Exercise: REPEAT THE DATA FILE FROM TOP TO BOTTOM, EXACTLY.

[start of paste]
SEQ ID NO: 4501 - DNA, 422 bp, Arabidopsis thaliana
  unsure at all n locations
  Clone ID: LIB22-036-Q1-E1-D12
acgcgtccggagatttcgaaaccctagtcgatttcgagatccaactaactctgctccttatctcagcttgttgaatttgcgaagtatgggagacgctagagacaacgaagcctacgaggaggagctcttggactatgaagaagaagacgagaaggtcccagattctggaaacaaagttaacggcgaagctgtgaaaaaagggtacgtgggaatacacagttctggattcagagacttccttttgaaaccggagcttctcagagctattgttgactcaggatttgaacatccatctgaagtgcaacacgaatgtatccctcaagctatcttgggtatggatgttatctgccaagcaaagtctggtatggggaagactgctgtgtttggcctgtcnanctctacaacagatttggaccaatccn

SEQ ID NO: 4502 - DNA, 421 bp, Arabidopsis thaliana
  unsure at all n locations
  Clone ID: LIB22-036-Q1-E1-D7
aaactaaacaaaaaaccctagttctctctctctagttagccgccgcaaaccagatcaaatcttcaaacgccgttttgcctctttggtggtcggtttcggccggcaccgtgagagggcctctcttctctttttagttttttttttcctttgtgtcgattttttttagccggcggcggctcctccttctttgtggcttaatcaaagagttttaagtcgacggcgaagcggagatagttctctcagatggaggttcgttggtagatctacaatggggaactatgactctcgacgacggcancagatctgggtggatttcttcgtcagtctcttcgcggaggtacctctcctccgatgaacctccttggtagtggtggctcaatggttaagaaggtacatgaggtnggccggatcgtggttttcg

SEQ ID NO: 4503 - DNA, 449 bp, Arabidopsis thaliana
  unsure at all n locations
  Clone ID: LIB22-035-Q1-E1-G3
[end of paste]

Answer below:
SEQ ID NO: 4501 - DNA, 422 bp, Arabidopsis thaliana
  unsure at all n locations
  Clone ID: LIB22-036-Q1-E1-D12
acgcgtccggagatttcgaaaccctagtcgatttcgagatccaactaactctgctccttatctcagcttgttgaatttgcgaagtatgggagacgctagagacaacgaagcctacgaggaggagctcttggactatgaagaagaagacgagaaggtcccagattctggaaacaaagttaacggcgaagctgtgaaaaaagggtacgtgggaatacacagttctggattcagagacttccttttgaaaccggagcttctcagagctattgttgactcaggatttgaacatccatctgaagtgcaacacgaatgtatccctcaagctatcttgggtatggatgttatctgccaagcaaagtctggtatggggaagactgctgtgtttggcctgtcnanctctacaacagatttggaccaatccn

SEQ ID NO: 4502 - DNA, 421 bp, Arabidopsis thaliana
  unsure at all n locations
  Clone ID: LIB22-036-Q1-E1-D7
aaactaaacaaaaaaccctagttctctctctctagttagccgccgcaaaccagatcaaatcttcaaacgccgttttgcctctttggtggtcggtttcggccggcaccgtgagagggcctctcttctctttttagttttttttttcctttgtgtcgattttttttagccggcggcggctcctccttctttgtggcttaatcaaagagttttaagtcgacggcgaagcggagatagttctctcagatggaggttcgttggtagatctacaatggggaactatgactctcgacgacggcancagatctgggtggatttcttcgtcagtctcttcgcggaggtacctctcctccgatgaacctccttggtagtggtggctcaatggttaagaaggtacatgaggtnggccggatcgtggttttcg

SEQ ID NO: 4503 - DNA, 449 bp, Arabidopsis thaliana
  unsure at all n locations
  Clone ID: LIB22-035-Q1-E1-G3